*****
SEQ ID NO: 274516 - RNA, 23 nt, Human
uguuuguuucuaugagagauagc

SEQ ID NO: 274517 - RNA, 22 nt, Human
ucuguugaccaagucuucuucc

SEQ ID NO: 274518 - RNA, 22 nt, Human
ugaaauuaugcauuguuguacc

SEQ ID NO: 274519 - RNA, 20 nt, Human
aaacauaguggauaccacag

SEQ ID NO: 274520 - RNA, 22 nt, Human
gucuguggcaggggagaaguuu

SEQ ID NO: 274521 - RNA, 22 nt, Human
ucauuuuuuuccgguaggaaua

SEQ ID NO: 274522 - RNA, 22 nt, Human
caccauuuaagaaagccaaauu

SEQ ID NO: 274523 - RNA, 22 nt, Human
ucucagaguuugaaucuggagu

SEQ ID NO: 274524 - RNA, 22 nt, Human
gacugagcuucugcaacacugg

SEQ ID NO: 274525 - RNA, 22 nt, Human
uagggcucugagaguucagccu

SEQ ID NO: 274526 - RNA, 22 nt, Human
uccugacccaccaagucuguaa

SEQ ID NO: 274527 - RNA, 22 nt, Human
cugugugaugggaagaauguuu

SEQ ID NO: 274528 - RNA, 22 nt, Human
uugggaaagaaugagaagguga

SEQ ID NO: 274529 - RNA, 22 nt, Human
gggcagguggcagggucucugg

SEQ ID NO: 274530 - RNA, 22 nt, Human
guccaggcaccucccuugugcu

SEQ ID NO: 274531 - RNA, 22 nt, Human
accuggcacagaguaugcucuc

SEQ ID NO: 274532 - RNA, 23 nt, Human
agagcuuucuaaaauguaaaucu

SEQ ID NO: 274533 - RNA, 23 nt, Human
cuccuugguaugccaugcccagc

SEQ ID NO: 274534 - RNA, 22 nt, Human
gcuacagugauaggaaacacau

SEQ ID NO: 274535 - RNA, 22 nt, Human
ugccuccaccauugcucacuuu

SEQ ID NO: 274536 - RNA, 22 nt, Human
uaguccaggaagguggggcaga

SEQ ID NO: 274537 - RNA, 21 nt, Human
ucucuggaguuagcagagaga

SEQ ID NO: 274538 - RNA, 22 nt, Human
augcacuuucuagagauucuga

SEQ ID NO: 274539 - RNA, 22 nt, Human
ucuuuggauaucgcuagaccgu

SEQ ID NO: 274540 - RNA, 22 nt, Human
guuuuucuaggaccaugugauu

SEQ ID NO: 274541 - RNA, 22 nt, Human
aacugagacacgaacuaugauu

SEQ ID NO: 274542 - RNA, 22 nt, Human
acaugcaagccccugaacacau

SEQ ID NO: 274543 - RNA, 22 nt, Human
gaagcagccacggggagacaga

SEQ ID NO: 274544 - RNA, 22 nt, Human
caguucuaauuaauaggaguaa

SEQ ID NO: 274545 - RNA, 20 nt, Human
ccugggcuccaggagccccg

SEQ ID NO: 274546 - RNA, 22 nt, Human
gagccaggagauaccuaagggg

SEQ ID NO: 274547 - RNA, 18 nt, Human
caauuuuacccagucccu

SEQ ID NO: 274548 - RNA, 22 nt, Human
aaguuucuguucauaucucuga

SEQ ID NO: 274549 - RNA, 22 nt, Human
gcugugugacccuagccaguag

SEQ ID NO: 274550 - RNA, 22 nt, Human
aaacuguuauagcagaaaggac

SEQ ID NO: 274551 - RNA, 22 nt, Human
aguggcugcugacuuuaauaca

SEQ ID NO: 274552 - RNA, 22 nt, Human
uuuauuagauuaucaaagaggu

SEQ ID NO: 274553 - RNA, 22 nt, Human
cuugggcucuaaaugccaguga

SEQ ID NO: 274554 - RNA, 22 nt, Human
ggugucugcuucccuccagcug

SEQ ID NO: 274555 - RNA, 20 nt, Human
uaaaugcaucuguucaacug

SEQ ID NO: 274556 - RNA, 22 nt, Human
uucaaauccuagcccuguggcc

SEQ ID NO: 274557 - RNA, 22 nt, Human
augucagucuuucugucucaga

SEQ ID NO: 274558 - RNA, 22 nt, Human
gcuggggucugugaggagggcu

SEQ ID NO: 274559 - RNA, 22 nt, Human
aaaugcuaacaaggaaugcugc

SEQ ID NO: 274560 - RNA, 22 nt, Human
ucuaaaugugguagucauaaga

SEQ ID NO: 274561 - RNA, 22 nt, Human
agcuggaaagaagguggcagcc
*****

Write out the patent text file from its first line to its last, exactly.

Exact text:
SEQ ID NO: 274516 - RNA, 23 nt, Human
uguuuguuucuaugagagauagc

SEQ ID NO: 274517 - RNA, 22 nt, Human
ucuguugaccaagucuucuucc

SEQ ID NO: 274518 - RNA, 22 nt, Human
ugaaauuaugcauuguuguacc

SEQ ID NO: 274519 - RNA, 20 nt, Human
aaacauaguggauaccacag

SEQ ID NO: 274520 - RNA, 22 nt, Human
gucuguggcaggggagaaguuu

SEQ ID NO: 274521 - RNA, 22 nt, Human
ucauuuuuuuccgguaggaaua

SEQ ID NO: 274522 - RNA, 22 nt, Human
caccauuuaagaaagccaaauu

SEQ ID NO: 274523 - RNA, 22 nt, Human
ucucagaguuugaaucuggagu

SEQ ID NO: 274524 - RNA, 22 nt, Human
gacugagcuucugcaacacugg

SEQ ID NO: 274525 - RNA, 22 nt, Human
uagggcucugagaguucagccu

SEQ ID NO: 274526 - RNA, 22 nt, Human
uccugacccaccaagucuguaa

SEQ ID NO: 274527 - RNA, 22 nt, Human
cugugugaugggaagaauguuu

SEQ ID NO: 274528 - RNA, 22 nt, Human
uugggaaagaaugagaagguga

SEQ ID NO: 274529 - RNA, 22 nt, Human
gggcagguggcagggucucugg

SEQ ID NO: 274530 - RNA, 22 nt, Human
guccaggcaccucccuugugcu

SEQ ID NO: 274531 - RNA, 22 nt, Human
accuggcacagaguaugcucuc

SEQ ID NO: 274532 - RNA, 23 nt, Human
agagcuuucuaaaauguaaaucu

SEQ ID NO: 274533 - RNA, 23 nt, Human
cuccuugguaugccaugcccagc

SEQ ID NO: 274534 - RNA, 22 nt, Human
gcuacagugauaggaaacacau

SEQ ID NO: 274535 - RNA, 22 nt, Human
ugccuccaccauugcucacuuu

SEQ ID NO: 274536 - RNA, 22 nt, Human
uaguccaggaagguggggcaga

SEQ ID NO: 274537 - RNA, 21 nt, Human
ucucuggaguuagcagagaga

SEQ ID NO: 274538 - RNA, 22 nt, Human
augcacuuucuagagauucuga

SEQ ID NO: 274539 - RNA, 22 nt, Human
ucuuuggauaucgcuagaccgu

SEQ ID NO: 274540 - RNA, 22 nt, Human
guuuuucuaggaccaugugauu

SEQ ID NO: 274541 - RNA, 22 nt, Human
aacugagacacgaacuaugauu

SEQ ID NO: 274542 - RNA, 22 nt, Human
acaugcaagccccugaacacau

SEQ ID NO: 274543 - RNA, 22 nt, Human
gaagcagccacggggagacaga

SEQ ID NO: 274544 - RNA, 22 nt, Human
caguucuaauuaauaggaguaa

SEQ ID NO: 274545 - RNA, 20 nt, Human
ccugggcuccaggagccccg

SEQ ID NO: 274546 - RNA, 22 nt, Human
gagccaggagauaccuaagggg

SEQ ID NO: 274547 - RNA, 18 nt, Human
caauuuuacccagucccu

SEQ ID NO: 274548 - RNA, 22 nt, Human
aaguuucuguucauaucucuga

SEQ ID NO: 274549 - RNA, 22 nt, Human
gcugugugacccuagccaguag

SEQ ID NO: 274550 - RNA, 22 nt, Human
aaacuguuauagcagaaaggac

SEQ ID NO: 274551 - RNA, 22 nt, Human
aguggcugcugacuuuaauaca

SEQ ID NO: 274552 - RNA, 22 nt, Human
uuuauuagauuaucaaagaggu

SEQ ID NO: 274553 - RNA, 22 nt, Human
cuugggcucuaaaugccaguga

SEQ ID NO: 274554 - RNA, 22 nt, Human
ggugucugcuucccuccagcug

SEQ ID NO: 274555 - RNA, 20 nt, Human
uaaaugcaucuguucaacug

SEQ ID NO: 274556 - RNA, 22 nt, Human
uucaaauccuagcccuguggcc

SEQ ID NO: 274557 - RNA, 22 nt, Human
augucagucuuucugucucaga

SEQ ID NO: 274558 - RNA, 22 nt, Human
gcuggggucugugaggagggcu

SEQ ID NO: 274559 - RNA, 22 nt, Human
aaaugcuaacaaggaaugcugc

SEQ ID NO: 274560 - RNA, 22 nt, Human
ucuaaaugugguagucauaaga

SEQ ID NO: 274561 - RNA, 22 nt, Human
agcuggaaagaagguggcagcc